“While the Georgia code is clear that all public bodies must operate with transparency, the standards for operating in the sunshine are elevated for election officials because of the essential nature of transparency and public oversight in public elections,” she said. “It is essential that voters, the press, candidates and campaigns have full access to observe all steps in the conduct of elections.”
In a July 10 letter to Marks, Hall County attorney Bill Blalock cited Marks’ involvement in another case as his reason for recommending denial of her records requests.
The Coalition for Good Governance is involved in a lawsuit against Georgia Secretary of State Brian Kemp’s office arguing that touch-screen voting should be illegal. Marks told The Times touch-screen voting is more easily hackable and less easily verified than other forms of voting.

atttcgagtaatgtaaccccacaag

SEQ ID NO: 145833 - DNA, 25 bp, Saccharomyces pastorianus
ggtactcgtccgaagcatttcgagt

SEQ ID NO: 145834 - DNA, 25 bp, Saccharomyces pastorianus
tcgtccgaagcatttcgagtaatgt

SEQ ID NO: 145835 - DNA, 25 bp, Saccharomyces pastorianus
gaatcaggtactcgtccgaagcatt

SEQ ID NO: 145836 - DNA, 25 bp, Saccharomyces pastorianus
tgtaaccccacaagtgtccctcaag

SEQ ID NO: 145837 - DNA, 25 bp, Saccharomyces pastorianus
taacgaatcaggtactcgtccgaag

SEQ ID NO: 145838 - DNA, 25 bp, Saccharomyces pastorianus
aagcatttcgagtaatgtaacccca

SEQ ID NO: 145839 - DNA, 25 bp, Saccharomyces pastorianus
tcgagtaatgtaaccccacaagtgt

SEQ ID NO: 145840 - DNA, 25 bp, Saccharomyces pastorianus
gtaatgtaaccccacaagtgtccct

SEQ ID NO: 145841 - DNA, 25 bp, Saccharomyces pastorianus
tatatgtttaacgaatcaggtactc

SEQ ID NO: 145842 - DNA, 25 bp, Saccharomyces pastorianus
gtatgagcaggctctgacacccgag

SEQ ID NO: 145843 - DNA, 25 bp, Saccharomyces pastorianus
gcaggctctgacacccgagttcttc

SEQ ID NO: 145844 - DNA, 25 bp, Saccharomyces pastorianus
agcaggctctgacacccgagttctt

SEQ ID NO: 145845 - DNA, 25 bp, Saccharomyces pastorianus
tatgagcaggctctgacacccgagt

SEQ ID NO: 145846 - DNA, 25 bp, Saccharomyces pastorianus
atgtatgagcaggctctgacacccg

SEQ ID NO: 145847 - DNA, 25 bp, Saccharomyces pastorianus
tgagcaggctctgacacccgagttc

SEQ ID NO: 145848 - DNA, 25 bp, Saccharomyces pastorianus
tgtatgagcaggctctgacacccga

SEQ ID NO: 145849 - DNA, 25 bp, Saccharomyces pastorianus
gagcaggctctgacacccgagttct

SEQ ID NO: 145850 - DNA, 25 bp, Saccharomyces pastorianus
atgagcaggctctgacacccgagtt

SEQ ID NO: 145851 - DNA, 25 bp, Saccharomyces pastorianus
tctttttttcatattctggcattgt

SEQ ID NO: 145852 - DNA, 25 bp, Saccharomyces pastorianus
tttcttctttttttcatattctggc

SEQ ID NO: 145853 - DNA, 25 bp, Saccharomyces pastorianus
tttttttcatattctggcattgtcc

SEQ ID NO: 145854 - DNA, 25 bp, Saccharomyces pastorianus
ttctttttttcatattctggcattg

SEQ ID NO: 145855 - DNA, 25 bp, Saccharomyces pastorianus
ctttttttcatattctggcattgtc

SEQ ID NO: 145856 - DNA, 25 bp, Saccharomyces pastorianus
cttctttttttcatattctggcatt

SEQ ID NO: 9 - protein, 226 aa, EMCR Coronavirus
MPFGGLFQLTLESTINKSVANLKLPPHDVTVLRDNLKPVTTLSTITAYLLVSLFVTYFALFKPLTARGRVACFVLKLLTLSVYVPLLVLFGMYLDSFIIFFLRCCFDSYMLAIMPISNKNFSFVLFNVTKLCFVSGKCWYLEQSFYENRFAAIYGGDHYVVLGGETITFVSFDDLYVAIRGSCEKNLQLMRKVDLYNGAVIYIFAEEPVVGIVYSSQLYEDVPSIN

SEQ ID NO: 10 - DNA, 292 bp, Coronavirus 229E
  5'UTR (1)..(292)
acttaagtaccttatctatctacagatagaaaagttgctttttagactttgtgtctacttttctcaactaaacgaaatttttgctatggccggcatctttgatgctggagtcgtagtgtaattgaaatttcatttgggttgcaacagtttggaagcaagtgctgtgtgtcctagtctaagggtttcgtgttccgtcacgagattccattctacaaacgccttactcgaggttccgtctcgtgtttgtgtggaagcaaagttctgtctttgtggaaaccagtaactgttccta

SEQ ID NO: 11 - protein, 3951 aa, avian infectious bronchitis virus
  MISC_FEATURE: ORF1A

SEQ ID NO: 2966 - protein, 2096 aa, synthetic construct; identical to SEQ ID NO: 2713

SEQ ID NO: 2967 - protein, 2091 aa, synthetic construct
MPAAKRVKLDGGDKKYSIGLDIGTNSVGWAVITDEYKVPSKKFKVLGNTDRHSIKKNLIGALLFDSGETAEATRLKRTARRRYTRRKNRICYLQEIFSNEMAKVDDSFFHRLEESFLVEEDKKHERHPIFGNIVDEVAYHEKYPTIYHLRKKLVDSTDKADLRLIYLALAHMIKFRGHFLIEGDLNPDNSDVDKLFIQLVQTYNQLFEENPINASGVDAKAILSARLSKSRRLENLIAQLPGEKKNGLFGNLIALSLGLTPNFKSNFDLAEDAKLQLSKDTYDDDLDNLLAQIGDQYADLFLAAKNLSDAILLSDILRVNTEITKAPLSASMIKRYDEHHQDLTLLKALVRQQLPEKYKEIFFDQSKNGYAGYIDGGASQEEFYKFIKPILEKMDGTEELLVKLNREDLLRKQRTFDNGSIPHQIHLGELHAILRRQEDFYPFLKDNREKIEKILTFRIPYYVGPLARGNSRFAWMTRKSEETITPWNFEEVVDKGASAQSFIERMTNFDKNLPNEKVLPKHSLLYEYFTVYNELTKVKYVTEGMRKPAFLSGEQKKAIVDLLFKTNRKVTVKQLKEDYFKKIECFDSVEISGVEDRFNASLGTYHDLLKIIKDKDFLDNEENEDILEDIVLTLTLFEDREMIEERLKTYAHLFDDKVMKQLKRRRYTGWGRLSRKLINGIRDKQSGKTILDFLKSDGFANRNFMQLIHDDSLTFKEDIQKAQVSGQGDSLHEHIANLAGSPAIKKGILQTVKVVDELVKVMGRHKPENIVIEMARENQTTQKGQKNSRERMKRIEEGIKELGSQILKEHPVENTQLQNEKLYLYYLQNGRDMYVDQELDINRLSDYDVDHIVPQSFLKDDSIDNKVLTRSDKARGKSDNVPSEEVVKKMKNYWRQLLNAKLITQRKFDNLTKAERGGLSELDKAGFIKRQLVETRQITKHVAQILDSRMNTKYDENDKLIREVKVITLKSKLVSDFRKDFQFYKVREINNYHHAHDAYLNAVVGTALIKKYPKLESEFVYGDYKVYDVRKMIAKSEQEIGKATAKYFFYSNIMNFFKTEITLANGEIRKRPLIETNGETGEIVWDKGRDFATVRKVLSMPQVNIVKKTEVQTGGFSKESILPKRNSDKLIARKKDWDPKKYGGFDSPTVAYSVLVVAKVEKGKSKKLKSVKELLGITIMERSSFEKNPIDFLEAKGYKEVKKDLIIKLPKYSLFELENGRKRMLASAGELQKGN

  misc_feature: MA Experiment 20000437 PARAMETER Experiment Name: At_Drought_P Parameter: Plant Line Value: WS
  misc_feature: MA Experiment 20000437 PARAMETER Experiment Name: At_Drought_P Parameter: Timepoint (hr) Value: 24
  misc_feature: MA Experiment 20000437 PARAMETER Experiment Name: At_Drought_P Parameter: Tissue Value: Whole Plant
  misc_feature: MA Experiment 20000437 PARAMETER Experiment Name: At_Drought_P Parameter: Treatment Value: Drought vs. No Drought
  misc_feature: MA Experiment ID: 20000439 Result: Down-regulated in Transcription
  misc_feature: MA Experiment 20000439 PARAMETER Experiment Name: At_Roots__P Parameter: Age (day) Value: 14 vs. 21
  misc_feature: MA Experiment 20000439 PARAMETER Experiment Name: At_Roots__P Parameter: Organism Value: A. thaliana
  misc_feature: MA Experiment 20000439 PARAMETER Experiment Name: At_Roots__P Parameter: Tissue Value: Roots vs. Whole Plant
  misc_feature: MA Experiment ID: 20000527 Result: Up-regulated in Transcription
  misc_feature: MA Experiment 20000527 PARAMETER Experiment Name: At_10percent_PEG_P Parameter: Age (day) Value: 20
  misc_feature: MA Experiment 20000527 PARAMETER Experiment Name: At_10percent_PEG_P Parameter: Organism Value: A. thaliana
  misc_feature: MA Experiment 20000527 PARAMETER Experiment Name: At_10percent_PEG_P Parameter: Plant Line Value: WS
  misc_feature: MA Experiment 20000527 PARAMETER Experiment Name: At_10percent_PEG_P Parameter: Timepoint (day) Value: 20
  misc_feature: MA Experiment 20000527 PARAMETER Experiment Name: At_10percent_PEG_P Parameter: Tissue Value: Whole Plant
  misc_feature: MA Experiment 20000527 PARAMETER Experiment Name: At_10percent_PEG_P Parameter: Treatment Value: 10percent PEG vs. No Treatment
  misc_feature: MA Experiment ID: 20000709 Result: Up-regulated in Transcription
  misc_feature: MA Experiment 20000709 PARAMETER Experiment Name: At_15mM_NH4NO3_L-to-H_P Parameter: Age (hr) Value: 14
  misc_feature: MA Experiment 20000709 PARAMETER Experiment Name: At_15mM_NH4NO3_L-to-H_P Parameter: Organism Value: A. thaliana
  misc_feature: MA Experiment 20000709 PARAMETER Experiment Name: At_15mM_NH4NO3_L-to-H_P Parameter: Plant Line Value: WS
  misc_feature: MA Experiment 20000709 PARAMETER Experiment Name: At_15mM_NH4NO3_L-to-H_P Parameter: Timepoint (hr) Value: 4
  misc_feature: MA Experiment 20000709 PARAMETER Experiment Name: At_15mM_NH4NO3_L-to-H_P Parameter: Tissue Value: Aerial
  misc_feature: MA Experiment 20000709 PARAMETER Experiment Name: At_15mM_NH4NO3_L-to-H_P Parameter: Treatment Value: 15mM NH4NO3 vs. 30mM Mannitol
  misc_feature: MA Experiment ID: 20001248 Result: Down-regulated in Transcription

“We are trying to force Georgia to get rid of it,” she said.
Marks said the case against the state has nothing to do with Hall County, and feels her organization’s involvement should not be used as rationale for denying her records request.
The Elections Board met Friday afternoon, and after calling the meeting to order, the board left for an executive session without allowing public comment. The board returned from the executive session and adjourned without public comment.
According to the meeting agenda, members went into executive session to discuss potential litigation.
Board member Craig Lutz said Friday evening after the meeting that the purpose of the meeting had been for an executive session, and thus public comment was not on the agenda. Friday was a special called meeting and public comment is taken at the board’s regularly scheduled meetings, he said.
In an email sent Friday evening, Smiley said legal counsel advises when an executive session is warranted. He said he signs an affidavit following executive sessions stipulating that the session was warranted. The board allows and encourages public comment at regular meetings, he said.
Marks, who ran for mayor of Aspen, Colorado, in 2009 and now lives in North Carolina, told The Times she does not intend to pursue legal action against the county.